• The roof has significant portions that need replacement. Recently, tarps needed to be placed over book stacks to protect the collections because of roof leaks.
  • Most of the interior lighting systems are original to the building. Current energy-efficient alternatives are available and these improvements require an initial investment that will save the Library money over the long-term.


How was the referendum amount determined?

The Financial Management Plan identified the amount of funding the Library would need, based on their comprehensive report of our building needs from now into the year 2035.


Why did the Board wait so long to consider a referendum? Why haven’t you planned for this?

The Library Board did not want to raise taxes before it was necessary. We’ve worked hard to cut costs, find efficiencies, and keep up with preventative maintenance to get us this far. Meanwhile, we’ve worked with engineers and financial planners to plan for our future. Our current capital reserves plan addresses necessary maintenance and repairs through 2035, and our financial management plan projects revenue and expenses through 2035. Both plans are available on our website at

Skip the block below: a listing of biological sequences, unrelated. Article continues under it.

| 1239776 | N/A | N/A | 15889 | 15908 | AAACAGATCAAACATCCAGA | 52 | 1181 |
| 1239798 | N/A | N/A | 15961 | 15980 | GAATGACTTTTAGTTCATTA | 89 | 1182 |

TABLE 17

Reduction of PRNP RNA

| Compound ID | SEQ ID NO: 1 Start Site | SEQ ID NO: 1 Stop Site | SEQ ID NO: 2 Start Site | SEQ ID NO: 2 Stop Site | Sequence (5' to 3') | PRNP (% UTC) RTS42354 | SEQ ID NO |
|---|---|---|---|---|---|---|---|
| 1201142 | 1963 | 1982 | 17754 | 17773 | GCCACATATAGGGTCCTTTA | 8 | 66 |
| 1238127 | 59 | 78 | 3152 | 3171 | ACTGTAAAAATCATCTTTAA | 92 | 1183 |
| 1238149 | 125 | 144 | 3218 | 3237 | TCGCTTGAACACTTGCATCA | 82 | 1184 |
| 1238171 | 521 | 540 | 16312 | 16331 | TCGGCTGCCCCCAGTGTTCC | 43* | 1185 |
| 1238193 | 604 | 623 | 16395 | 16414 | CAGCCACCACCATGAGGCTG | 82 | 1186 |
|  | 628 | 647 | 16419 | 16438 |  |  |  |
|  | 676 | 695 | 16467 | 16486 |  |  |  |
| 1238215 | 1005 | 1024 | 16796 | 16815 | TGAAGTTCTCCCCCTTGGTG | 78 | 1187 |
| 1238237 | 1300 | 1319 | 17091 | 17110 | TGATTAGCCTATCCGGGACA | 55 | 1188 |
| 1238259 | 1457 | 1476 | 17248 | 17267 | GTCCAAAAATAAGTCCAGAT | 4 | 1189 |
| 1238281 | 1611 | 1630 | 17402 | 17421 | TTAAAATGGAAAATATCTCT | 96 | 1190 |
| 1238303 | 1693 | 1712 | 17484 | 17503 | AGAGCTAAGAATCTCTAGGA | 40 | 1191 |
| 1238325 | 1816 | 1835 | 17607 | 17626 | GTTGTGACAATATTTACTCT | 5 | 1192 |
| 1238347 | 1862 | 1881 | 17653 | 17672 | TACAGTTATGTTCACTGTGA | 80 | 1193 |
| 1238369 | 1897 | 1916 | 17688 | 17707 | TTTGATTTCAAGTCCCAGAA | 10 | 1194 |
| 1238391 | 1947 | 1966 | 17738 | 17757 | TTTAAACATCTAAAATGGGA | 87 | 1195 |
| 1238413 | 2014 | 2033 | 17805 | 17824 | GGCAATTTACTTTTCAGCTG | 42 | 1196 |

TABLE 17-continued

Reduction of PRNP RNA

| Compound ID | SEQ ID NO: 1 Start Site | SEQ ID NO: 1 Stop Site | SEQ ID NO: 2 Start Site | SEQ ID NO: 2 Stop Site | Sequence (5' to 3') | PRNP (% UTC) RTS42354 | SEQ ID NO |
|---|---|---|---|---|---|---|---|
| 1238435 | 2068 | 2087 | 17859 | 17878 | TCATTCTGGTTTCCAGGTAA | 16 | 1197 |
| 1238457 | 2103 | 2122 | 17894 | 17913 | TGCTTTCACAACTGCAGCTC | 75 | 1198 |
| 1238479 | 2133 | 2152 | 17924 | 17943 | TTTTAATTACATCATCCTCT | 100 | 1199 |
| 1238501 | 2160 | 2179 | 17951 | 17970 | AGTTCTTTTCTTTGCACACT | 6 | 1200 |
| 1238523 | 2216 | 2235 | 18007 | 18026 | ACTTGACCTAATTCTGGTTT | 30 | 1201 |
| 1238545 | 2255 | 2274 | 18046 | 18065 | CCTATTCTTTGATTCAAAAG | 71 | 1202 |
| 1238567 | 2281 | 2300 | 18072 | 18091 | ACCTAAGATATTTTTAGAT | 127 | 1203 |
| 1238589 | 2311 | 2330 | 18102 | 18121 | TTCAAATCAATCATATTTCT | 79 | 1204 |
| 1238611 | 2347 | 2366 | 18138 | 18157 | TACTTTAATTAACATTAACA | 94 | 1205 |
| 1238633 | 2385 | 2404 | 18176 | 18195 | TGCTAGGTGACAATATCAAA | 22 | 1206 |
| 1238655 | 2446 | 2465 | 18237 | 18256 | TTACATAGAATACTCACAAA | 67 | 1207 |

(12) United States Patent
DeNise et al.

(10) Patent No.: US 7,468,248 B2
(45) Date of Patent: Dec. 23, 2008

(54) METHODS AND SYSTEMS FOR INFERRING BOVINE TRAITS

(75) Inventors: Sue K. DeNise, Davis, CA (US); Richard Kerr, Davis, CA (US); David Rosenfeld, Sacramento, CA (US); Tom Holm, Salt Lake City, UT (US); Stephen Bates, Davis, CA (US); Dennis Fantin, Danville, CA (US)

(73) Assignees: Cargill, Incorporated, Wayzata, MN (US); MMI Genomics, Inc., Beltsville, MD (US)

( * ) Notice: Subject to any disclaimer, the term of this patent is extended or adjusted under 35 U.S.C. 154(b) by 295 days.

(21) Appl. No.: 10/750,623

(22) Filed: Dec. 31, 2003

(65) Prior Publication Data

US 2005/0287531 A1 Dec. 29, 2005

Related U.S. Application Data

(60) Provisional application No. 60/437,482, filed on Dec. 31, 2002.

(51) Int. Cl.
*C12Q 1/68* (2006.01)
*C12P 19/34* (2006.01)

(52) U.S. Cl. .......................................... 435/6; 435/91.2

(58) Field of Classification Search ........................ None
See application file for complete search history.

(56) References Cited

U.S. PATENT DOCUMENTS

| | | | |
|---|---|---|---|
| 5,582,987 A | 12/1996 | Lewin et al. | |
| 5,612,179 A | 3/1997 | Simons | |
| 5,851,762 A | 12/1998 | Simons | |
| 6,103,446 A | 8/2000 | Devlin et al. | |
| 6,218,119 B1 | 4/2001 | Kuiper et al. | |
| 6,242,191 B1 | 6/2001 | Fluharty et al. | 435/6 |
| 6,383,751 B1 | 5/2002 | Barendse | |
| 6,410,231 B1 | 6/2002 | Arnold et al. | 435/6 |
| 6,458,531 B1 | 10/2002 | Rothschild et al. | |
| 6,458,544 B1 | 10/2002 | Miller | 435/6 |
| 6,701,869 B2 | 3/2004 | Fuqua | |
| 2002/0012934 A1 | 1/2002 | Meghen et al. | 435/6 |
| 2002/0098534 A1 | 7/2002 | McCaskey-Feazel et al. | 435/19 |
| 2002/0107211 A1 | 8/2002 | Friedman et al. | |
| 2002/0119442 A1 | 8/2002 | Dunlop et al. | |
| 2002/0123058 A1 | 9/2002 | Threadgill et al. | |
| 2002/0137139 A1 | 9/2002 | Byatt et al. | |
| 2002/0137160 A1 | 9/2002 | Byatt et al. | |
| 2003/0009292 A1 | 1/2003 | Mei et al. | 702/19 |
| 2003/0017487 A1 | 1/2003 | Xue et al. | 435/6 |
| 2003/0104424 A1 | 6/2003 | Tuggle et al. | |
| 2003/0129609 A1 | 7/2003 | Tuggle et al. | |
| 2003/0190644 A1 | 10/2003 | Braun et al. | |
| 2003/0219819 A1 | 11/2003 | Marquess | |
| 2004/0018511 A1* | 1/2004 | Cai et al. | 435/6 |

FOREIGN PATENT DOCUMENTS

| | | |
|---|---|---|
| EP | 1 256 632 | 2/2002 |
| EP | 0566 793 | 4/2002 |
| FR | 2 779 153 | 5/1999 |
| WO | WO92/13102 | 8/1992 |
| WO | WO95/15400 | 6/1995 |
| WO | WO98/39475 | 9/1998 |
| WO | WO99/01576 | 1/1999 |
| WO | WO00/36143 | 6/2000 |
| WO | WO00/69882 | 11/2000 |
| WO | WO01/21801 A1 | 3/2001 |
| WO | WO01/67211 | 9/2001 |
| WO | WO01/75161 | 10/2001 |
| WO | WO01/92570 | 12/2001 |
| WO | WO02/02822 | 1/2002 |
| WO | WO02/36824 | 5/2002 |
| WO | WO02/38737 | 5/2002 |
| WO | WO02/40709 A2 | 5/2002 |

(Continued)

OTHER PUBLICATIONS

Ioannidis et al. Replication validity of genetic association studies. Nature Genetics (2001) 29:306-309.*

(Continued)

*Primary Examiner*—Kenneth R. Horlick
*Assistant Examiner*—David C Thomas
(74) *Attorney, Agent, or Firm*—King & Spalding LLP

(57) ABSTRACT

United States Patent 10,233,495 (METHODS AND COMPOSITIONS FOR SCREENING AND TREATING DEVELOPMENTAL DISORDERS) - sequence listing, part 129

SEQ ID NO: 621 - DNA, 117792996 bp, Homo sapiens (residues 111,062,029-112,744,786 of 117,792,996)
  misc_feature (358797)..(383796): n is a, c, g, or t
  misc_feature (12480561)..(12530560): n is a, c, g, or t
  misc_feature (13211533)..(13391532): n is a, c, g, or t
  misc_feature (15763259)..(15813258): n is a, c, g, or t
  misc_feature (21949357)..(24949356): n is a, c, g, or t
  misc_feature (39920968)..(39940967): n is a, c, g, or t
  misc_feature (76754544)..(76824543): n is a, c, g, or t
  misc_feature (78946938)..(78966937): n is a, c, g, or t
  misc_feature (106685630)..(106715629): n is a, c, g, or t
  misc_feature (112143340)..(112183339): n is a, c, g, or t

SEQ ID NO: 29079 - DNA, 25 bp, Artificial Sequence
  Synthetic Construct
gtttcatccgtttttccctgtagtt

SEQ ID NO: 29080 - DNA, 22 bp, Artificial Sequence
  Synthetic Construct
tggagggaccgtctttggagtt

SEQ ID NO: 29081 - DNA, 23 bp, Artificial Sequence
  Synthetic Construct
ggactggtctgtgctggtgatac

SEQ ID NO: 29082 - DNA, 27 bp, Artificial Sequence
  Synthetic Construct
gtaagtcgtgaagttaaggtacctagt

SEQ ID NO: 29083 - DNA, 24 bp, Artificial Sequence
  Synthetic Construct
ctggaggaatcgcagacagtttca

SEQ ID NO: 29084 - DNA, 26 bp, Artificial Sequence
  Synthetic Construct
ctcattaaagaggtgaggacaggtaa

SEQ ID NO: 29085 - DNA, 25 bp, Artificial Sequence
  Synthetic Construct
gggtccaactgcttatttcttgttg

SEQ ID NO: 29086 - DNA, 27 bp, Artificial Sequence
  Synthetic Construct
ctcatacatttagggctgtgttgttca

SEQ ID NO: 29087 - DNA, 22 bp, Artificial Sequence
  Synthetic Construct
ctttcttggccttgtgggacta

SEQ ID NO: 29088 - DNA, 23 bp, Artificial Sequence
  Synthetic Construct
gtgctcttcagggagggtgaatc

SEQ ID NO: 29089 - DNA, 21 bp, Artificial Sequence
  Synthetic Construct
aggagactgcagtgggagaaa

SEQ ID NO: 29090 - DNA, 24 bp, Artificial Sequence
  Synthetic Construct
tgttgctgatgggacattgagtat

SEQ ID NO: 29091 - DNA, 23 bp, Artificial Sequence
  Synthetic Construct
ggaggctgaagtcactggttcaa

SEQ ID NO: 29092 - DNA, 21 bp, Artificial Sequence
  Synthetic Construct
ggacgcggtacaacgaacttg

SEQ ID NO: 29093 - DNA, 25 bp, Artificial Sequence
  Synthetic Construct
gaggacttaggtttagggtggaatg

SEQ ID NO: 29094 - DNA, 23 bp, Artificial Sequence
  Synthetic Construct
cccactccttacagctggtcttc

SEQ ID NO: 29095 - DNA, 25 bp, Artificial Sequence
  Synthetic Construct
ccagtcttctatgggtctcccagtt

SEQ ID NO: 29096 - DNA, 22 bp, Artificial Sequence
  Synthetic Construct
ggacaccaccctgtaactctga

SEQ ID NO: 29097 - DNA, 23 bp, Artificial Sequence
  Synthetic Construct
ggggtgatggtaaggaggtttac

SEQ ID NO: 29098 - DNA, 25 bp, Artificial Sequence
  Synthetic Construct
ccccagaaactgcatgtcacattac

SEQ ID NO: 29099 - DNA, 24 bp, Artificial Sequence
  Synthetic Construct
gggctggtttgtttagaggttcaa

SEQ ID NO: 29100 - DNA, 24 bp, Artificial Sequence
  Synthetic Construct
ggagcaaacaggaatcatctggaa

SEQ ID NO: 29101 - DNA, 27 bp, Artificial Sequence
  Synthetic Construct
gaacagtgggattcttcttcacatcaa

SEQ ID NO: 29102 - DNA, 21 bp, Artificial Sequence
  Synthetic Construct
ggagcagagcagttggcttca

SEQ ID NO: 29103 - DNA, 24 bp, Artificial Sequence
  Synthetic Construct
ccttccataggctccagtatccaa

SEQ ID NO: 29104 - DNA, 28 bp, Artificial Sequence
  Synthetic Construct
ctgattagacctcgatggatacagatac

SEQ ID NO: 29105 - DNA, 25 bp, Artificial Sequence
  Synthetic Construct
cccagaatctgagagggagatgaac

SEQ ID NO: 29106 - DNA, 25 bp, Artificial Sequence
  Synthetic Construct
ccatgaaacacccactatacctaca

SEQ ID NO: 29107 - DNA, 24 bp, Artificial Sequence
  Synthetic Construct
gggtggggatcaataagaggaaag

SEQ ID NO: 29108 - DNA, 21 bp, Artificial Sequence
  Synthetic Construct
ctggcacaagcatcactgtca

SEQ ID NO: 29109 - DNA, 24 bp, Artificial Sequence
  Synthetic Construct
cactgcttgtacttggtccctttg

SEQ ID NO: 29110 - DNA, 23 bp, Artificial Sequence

What will the ballot say?

The ballot language is set by law and can be a bit confusing.  Here’s how it will read:

Yes or NoShall the limiting rate under the Property Tax Extension Limitation Law for the Palatine Public Library District, Cook County, Illinois, be increased by an additional amount equal to .075% above the limiting rate for general library purposes for levy year 2017 and be equal to .351% of the equalized assessed value of the taxable property therein for levy year 2019?

Supplemental Information:

  1. The approximate amount of taxes extendable at the most recently extended limiting rate is $6,484,057.88, and the approximate amount of taxes extendable if the proposition is approved is $8,246,030.13.